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The Good Stuff
Short Story
A Happy New Year
by Sue Hohman
Length: 997 words

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Deep Relaxation & My Place of Tranquillity CD

Conquer Stress
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Deep Relaxation

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A Happy New Year

They were forecasting snow to begin at 7pm, and most of it was to be to the East and to the South of where she lived. Still, Emma was concerned that her daughter and son-in-law were in no hurry to leave as they were going to be traveling North. Snow is unpredictable, as can be forecasters and, besides, she was a Mom and Mom's worry.

It's not that she was anxious for them to go. It had been a rather bad weekend for them, which was so highly unusual for them all. Rebekka and Joe were always so cheerful and welcome when they came to stay. But this weekend was different. They were moody and bickering, and spoke disrespectfully to both her and her husband, Ed. She chalked it up to "end of semester tiredness" and money crunches and holiday blues. But, still, it wasn't pleasant and a tension seemed to hang in the air.

This morning Emma and Ed had gone to church while the kids slept in, and when they got home, things seemed a little better. Rebekka and Joe went to visit some friends while the couple took down the Christmas decorations and bade farewell to the Christmas season. By the time the kids returned, all the work was done and it was time for them to pack up their stuff to go home. It was snowing heavily now but, finally, the car was loaded and the kids were off. As Emma kissed her daughter "goodbye", she sensed that something was still not right and it wasn't just her worry about the snow.

"Honey," Emma said as she and Ed went back into the house after waving goodbye, "do you sense something is wrong with the kids?"

"If you mean do I think they were grumpy, yes" he answered, and flopped himself in his easy chair, turning on the football game, already in progress. The score was 10 to 3, and his team was behind.

"Well, I think something is bothering them, and I wish I knew what it was," she said as she moved to the living room to finish all the little details of cleaning up after the holiday. Soon it was time for bed and, as they snuggled down together, he mumbling about his team not making the play-offs and she mumbling about the kids, they suddenly turned to each other and started to laugh.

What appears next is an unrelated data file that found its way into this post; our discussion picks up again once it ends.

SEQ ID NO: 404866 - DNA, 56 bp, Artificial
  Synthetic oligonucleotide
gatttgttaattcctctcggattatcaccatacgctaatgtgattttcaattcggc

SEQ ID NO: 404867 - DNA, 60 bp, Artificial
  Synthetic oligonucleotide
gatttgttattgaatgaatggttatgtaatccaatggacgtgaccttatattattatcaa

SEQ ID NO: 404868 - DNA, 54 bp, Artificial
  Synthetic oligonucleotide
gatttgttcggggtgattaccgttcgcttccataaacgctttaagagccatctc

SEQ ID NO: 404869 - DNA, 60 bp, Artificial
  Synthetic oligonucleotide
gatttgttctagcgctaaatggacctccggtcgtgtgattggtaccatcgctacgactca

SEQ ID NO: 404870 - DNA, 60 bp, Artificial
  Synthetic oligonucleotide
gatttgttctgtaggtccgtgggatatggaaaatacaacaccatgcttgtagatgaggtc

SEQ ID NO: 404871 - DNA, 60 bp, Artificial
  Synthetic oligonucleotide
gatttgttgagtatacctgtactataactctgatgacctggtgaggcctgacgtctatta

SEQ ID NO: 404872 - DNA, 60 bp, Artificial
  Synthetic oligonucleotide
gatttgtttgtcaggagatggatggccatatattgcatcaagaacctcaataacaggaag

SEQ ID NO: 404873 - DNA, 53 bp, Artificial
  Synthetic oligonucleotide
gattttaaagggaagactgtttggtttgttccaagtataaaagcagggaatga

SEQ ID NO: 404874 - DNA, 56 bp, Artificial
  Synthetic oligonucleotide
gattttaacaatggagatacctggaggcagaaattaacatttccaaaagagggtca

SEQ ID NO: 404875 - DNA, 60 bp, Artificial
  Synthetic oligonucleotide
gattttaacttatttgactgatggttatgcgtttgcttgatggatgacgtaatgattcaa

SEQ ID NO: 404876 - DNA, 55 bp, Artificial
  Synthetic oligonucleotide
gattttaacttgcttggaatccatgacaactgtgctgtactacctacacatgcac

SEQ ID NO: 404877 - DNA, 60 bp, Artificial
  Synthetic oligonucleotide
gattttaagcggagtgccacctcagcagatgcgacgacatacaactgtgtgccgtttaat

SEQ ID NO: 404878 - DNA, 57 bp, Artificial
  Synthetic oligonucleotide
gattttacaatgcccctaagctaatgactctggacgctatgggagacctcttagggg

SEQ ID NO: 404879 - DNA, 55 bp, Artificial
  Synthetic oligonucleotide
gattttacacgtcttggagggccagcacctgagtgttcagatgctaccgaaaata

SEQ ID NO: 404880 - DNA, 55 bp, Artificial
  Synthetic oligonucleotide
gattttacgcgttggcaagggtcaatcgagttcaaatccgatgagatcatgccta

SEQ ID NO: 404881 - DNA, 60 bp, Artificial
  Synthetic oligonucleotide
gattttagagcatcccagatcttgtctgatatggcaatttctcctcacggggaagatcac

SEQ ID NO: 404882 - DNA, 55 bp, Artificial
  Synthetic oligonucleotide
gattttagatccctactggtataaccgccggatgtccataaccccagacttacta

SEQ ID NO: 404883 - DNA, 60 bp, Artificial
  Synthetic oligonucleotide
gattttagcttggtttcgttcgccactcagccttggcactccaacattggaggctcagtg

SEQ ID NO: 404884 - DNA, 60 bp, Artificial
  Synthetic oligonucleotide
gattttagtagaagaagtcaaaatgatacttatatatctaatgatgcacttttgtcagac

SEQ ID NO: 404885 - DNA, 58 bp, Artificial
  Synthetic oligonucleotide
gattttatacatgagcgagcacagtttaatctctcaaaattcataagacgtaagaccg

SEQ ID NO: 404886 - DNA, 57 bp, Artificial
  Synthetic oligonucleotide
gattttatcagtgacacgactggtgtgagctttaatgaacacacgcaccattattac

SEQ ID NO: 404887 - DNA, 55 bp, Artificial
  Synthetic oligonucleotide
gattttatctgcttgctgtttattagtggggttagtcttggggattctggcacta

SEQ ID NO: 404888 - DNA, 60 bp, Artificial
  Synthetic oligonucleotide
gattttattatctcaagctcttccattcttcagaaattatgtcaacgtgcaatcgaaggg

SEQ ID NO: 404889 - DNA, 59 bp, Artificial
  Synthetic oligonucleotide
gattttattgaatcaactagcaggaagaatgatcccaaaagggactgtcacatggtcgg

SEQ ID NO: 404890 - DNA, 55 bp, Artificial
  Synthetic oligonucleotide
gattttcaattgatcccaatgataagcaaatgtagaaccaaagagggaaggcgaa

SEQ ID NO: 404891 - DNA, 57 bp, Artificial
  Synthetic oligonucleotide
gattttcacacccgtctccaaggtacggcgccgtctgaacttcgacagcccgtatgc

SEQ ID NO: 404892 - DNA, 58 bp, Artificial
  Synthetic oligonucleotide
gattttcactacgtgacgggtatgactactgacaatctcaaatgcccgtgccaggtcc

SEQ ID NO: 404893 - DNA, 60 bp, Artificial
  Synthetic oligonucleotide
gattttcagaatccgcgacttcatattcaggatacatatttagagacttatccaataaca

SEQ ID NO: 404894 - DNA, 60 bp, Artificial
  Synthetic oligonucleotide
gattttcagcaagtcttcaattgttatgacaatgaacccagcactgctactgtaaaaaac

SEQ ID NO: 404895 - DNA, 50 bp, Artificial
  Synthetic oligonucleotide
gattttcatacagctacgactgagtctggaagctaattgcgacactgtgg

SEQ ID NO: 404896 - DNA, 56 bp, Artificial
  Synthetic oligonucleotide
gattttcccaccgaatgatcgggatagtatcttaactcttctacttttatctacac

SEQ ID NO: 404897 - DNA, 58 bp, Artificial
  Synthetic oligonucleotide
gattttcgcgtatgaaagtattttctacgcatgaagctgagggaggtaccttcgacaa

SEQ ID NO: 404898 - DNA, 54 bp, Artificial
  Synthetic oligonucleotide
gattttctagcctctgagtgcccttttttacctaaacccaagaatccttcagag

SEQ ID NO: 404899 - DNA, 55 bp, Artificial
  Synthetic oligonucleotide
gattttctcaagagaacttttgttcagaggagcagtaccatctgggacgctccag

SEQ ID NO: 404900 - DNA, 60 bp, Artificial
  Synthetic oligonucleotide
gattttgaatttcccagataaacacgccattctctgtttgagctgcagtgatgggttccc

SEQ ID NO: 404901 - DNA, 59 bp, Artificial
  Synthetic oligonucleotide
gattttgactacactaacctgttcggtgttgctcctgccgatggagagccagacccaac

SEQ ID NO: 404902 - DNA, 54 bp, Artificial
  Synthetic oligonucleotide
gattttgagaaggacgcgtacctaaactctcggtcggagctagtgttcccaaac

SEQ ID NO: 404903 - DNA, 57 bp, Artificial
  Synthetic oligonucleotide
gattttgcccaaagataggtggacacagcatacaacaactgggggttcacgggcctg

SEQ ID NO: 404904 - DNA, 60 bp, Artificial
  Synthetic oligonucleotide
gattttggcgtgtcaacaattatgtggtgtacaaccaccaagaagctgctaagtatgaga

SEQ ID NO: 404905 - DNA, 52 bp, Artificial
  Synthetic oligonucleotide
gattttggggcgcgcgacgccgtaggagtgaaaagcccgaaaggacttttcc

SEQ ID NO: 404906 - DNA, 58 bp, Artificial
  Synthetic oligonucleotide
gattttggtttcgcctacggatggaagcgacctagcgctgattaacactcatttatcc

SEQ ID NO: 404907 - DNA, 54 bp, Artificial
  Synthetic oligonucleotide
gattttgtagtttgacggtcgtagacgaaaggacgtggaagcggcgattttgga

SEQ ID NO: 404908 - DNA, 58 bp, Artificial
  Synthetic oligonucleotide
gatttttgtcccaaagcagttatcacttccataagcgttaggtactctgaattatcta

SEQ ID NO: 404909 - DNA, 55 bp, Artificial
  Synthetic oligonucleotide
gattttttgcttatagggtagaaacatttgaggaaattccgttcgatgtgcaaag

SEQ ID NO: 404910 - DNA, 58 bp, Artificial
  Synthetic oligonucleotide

"Aren't we a pair!" he said. "Mumbling and grumbling like two old people!"

"We are two old people," she laughed."

"Well we're not that old," he reminded her, and kissed her good night. They lay together like two spoons in a drawer and just enjoyed that they had each other.

The next morning was New Year's Eve, and she woke up late. He had gotten himself up and off to work and let her sleep in. She stretched and got up and began her day making coffee and lazily perusing the paper. The telephone rang. It was her daughter, and she was crying.

"Sweetheart, what is it?" Emma asked, concerned.

"Oh, Mom, I've made such a mess of things. Here I am a math major and I can't even keep our finances straight!" Rebekka sobbed.

"What kind of trouble are you in?" Emma asked.

"We can't pay January's rent. Not one penny of it. We had to get the car fixed and the cell phone bills are due and we have to have food and we just don't have enough to pay the rent." Then there was silence, followed by sniffing.

"Well, darling, I suppose your Father and I could help ..."

"No Mom, I don't want you to bail us out! You have been too good to us as it is, letting us borrow your car for so long. There has to be another way!"

They both were silent for a minute. The only thing of value that the daughter had was her $1000 wedding dress. But what could get for it? Could it even be a suggestion?

"Mom, I'm thinking of selling my wedding dress. Do you think anyone would buy it?"

They had had it professionally cleaned and restored and it was a very modern style.

"You might be able to get $6 or $700 for it."

"It's the only thing I have of value except my ring, and I can't sell that. It's my own fault we are in such shape. I didn't plan well and I spent money we didn't have ..." She was still crying.

Emma thought about it. What good is a used wedding dress 20 years from now anyway? But, the lesson learned was more important. "Honey, let us do this. Let your Father give you $1000 to get you caught up. You try to sell your dress, and then put that money in the bank and use it for emergencies. Then perhaps you will remember how this feels, and you won't get yourself in this position again."

"Oh Mom, I hate to take your money!"

"Listen, sweetheart, it's not easy being married and going to school. Your husband is only a carpenter's helper. It's going to be years before you guys earn any real money. But I think for now, you need to remember that you don't have the money you had when you lived at home, and you'll have to say "no" to a lot of things you want. It's just going to be hard. And you'll just have to suck it up." She tried to say it as kindly as she could.

"OK Mom. I'll take your money. But Mom? Don't let us ask for help again.

"I will help you if you need it. You may be a married woman, but you are still my child"

"OK, but at least make us grovel?"

"You bet! Now let me get a transfer out to you this morning. And, Honey ..."

"Yes Mom?"

"Happy New Year."

"Same to you, Mom, the same to you and Daddy."
 

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 Values: Mother and Child
Values: Mother and Child Art Print
Monahan, Laura
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Alison Pearce   Australia
"Sue, a delightful and beautifully told story! I enjoyed it very much!"
 

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